A recent rise in eurozone property prices appears sustainable, the European Central Bank said, but the recovery is weaker than in past cycles and the eventual normalisation of interest rates poses some risks.
House prices fell sharply across the eurozone in 2009, then dipped again in 2012 and 2013, unwinding imbalances that built up before the financial crisis and putting the current recovery on a more solid footing, the ECB said in an economic bulletin yesterday.
House prices have risen since the second half of 2014 and the growth is sustainable as a mismatch between incomes and property prices has been corrected, the ECB said.
“The recovery in euro area house prices appears to be relatively broad-based across groups of countries,” it said.
“However, it seems that the current recovery is weaker than the typical increase observed historically during the initial phase of an upturn in house prices after a trough.”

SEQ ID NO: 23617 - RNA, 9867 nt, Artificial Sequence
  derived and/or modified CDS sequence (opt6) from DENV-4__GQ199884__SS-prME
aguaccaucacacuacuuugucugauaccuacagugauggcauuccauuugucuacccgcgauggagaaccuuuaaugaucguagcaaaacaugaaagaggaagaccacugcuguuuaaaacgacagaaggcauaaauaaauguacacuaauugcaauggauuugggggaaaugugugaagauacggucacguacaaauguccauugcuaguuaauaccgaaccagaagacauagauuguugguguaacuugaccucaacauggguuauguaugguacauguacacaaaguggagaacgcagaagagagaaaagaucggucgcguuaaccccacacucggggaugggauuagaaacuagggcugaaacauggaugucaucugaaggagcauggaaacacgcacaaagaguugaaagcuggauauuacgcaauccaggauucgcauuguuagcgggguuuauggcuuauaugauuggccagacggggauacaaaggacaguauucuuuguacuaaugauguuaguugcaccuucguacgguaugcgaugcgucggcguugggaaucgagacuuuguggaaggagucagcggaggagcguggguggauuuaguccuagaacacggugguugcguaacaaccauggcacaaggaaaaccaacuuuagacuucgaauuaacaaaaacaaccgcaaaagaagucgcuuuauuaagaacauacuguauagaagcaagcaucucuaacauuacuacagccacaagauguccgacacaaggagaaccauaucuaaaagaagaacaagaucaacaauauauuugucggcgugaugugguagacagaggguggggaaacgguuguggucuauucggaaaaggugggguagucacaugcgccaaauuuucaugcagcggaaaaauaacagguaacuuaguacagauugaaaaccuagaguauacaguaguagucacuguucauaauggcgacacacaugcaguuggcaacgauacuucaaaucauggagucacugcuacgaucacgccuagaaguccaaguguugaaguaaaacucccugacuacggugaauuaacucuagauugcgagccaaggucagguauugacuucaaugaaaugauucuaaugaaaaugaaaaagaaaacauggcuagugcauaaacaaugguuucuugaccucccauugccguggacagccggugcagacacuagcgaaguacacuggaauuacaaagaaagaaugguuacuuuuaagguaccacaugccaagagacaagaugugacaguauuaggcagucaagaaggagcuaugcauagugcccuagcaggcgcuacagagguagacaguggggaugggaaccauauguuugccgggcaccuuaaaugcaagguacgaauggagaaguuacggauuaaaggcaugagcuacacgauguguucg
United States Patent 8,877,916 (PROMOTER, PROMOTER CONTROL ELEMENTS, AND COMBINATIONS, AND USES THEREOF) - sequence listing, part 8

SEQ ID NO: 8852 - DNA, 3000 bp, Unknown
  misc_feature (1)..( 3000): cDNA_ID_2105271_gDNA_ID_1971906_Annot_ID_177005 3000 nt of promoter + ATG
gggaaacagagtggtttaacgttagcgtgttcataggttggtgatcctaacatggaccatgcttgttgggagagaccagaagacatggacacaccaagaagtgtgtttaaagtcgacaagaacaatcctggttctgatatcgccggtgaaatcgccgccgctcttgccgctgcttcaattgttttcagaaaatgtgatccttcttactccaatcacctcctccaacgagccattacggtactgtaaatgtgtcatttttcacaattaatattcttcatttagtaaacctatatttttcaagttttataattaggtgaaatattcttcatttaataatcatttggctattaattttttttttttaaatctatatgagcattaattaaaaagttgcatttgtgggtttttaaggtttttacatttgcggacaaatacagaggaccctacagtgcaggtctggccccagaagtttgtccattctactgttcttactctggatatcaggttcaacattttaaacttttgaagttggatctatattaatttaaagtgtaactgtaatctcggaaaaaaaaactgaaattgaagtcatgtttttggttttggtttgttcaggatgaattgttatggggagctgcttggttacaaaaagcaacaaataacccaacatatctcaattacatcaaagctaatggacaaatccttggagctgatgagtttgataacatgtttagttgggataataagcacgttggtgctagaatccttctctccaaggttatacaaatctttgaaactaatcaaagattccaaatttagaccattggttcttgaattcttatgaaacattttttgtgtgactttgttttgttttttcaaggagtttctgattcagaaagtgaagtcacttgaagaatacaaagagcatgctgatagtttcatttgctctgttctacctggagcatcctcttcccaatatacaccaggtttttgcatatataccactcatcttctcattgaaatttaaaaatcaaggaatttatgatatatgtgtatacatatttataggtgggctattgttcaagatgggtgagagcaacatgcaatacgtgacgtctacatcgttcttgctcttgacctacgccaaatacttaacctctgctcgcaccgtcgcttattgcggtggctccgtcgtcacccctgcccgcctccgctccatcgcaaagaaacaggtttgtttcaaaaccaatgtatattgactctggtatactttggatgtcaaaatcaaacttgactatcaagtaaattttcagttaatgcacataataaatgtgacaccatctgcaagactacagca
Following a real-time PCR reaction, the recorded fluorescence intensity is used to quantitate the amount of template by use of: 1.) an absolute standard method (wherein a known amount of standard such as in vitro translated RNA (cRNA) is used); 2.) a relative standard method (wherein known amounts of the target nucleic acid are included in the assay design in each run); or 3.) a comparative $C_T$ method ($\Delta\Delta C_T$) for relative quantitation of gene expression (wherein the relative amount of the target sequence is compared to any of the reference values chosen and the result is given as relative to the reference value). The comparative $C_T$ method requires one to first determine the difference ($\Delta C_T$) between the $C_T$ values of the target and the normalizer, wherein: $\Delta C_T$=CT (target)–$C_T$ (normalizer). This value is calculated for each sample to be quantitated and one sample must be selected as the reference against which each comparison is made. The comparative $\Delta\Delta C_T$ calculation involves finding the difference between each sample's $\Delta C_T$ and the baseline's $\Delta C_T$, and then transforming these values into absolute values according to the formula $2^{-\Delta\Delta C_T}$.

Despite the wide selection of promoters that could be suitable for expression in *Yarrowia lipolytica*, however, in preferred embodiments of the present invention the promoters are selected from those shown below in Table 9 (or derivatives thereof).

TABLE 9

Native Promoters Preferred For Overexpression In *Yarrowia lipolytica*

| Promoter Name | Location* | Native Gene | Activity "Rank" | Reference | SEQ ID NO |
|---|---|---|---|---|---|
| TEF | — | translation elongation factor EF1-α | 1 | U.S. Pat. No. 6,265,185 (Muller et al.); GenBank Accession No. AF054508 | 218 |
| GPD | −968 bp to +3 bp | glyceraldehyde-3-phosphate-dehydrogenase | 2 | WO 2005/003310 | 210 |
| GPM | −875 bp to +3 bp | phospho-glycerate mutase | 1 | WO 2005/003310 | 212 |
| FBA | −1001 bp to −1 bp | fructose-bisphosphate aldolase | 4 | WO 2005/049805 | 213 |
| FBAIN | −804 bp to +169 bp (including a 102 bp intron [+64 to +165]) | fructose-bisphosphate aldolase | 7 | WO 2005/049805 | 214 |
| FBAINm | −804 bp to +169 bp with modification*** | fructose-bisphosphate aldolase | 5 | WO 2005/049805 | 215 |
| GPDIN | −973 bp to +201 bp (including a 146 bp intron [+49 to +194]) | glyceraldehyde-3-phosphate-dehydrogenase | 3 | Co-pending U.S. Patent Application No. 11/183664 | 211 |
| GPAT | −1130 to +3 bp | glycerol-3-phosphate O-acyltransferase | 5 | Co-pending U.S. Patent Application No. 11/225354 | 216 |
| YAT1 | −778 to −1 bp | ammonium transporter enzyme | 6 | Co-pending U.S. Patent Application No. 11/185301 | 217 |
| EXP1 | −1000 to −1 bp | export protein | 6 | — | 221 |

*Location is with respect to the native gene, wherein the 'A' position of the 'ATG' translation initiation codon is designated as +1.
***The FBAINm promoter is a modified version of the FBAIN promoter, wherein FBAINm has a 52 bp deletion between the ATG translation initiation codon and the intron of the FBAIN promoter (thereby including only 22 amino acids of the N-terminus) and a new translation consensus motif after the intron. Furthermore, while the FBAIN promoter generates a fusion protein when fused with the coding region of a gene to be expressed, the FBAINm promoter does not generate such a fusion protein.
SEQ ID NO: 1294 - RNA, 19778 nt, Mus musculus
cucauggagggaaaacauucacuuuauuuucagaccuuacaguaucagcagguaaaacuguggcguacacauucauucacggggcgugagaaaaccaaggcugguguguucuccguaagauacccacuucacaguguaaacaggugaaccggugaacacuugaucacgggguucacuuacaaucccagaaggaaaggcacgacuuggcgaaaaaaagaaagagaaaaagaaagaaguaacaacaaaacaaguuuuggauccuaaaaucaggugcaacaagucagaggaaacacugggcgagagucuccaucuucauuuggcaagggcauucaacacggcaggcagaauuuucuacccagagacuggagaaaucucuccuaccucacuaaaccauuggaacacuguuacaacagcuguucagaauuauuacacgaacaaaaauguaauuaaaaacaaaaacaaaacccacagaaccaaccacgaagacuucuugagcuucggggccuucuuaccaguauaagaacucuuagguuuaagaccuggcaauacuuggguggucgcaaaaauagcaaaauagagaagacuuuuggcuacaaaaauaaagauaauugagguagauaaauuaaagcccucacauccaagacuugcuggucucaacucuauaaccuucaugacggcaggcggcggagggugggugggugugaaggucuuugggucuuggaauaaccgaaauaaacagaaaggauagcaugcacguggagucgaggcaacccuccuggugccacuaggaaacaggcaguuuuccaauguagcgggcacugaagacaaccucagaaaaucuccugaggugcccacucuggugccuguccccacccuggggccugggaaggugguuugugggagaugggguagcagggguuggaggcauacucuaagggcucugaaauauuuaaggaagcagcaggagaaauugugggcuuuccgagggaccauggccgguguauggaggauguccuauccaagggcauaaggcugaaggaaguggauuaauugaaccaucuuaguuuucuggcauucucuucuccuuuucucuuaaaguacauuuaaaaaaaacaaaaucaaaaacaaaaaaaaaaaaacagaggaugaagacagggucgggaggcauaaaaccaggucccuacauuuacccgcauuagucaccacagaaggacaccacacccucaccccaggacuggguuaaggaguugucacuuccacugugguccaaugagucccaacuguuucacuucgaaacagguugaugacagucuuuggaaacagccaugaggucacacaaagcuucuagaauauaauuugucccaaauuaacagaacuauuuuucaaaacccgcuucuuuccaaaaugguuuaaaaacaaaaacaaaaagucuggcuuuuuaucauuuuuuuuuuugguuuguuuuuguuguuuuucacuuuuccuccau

It added: “The current recovery in euro area house price growth seems less contingent on prices in metropolitan areas than in 2009-10.”
It said risks to financial stability from the rising prices appear limited for now. Credit growth is subdued and countries have implemented brakes on “potential house price and credit exuberance”.
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